Today I want to talk about the difference between a vagrant and a hobo.
Although you may have heard these phrases used interchangeably, their origins and definitions are genuinely different. Starting with the word “vagrant,” A vagrant is someone who travels from one location to another without a permanent residence or employment. The root of the term is the Latin word vagari, which means “to wander.” Vagrants tend to be homeless, underprivileged, and marginalized by society. To make ends meet, they can turn to beg, steal, or perform odd jobs.
On the other hand, a hobo is a particular kind of vagrant who uses trains to get around. The name “hobo” has no clear origin, although some potential beginnings include “ho, boy” (a greeting among railway workers), “hoe-boy” (a farmhand searching for work) and “hoboes” (a 19th-century term for migratory labourers). Although they frequently go by the monikers of tramps or bums, hoboes prefer to refer to themselves as “travelers” or “adventurers”. Hobos adhere to a set of moral principles that include kindness, compassion, honesty, and refraining from violence.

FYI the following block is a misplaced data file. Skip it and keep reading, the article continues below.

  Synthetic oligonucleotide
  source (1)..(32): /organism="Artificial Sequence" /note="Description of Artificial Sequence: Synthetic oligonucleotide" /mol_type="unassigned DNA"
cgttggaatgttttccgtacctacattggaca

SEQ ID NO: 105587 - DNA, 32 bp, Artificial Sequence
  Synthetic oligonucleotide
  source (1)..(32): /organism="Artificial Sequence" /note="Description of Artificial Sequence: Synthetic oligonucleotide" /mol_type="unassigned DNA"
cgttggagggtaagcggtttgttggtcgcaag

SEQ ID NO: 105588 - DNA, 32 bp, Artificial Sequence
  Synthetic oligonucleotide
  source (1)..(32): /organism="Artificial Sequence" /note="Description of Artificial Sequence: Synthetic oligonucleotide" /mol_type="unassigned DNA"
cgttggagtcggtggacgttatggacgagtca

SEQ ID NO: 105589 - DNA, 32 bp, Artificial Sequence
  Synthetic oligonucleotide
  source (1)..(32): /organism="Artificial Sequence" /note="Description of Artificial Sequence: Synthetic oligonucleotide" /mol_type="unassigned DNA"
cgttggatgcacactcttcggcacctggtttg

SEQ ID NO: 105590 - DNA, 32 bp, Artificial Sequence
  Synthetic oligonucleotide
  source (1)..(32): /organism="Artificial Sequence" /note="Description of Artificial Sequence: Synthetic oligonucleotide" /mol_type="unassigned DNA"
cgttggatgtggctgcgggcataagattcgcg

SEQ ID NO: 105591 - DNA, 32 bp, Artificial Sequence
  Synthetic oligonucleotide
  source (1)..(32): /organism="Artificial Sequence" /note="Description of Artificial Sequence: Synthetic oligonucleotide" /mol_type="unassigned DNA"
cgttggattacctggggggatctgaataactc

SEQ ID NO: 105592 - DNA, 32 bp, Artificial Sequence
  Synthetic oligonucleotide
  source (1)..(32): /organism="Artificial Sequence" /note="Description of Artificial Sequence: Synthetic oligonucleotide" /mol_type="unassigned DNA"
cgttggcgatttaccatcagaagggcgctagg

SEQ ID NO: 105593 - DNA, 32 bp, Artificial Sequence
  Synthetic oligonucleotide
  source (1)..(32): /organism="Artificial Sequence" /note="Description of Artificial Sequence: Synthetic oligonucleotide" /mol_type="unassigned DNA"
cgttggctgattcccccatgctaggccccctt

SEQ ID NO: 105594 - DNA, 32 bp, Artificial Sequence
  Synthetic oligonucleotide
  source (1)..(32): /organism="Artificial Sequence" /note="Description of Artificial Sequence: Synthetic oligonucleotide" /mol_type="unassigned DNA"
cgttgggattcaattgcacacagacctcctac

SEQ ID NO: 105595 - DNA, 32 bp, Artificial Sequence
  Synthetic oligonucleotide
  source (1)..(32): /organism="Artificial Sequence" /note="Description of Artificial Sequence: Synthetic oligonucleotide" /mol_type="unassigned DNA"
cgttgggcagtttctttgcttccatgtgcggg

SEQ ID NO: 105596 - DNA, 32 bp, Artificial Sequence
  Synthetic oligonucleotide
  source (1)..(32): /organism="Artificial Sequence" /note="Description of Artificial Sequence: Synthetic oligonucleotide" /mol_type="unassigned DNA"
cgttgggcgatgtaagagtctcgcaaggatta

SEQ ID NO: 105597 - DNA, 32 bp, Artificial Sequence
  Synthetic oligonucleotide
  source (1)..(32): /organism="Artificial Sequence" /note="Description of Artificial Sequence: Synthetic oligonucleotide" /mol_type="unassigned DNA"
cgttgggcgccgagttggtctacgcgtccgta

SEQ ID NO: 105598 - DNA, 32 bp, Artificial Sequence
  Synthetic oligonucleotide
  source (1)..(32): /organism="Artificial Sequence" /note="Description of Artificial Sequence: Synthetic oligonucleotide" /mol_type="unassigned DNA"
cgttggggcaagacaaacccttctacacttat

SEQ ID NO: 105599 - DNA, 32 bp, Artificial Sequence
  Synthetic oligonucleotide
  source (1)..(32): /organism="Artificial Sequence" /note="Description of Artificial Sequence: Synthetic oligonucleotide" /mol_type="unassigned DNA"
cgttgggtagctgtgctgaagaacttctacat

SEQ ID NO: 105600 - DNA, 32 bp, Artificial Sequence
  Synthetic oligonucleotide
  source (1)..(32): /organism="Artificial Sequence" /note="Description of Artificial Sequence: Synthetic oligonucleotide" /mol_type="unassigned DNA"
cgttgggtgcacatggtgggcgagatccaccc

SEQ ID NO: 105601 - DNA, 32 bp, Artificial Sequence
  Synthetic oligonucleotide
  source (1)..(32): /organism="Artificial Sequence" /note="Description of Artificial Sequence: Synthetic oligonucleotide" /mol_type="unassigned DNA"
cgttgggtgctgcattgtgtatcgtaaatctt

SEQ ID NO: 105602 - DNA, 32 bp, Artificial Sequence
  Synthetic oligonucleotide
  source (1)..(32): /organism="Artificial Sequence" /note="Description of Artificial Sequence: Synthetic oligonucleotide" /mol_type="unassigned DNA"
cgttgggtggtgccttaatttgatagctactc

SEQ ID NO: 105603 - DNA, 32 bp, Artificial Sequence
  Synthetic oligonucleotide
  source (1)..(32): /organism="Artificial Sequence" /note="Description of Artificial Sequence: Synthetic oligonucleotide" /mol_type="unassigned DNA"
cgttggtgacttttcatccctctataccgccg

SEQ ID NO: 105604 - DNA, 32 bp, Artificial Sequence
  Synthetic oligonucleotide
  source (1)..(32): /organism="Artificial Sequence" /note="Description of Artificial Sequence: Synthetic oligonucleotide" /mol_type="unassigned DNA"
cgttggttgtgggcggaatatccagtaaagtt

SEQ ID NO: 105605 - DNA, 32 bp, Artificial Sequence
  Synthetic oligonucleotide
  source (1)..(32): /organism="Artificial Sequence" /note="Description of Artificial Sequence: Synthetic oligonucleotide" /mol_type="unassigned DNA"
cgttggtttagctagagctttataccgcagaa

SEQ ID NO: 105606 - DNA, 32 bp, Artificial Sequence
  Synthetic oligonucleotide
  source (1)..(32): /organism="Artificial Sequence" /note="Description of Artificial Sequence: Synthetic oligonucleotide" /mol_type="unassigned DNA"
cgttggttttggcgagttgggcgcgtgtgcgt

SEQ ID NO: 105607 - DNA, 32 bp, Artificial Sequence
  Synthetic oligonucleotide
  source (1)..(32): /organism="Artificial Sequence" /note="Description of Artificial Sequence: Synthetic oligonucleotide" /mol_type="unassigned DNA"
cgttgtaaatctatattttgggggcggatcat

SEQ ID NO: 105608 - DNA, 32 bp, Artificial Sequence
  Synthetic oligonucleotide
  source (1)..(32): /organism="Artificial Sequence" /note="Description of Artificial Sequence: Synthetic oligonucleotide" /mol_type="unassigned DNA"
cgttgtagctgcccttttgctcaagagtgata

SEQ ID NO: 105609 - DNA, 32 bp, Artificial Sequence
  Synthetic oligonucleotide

So what are some of the main differences between a vagrant and a hobo explained? Here are some points to consider:
- A hobo travels by rail, but a vagrant can travel by any means.
- A hobo is always on the go, whereas a vagrant may spend a long period in one spot.
- A hobo may have a goal or a desire to pursue, but a wandering vagrant may not have a purpose or direction in life.
- A hobo may be adored or romanticised by some people, but an outcast vagrant may be despised or dismissed by society.
These are, of course, generalizations, and there could be overlaps and exceptions between the two groups. But I do hope that this piece helped you understand the distinction between a vagrant and a hobo. Please comment below and share this article with your friends if you liked it.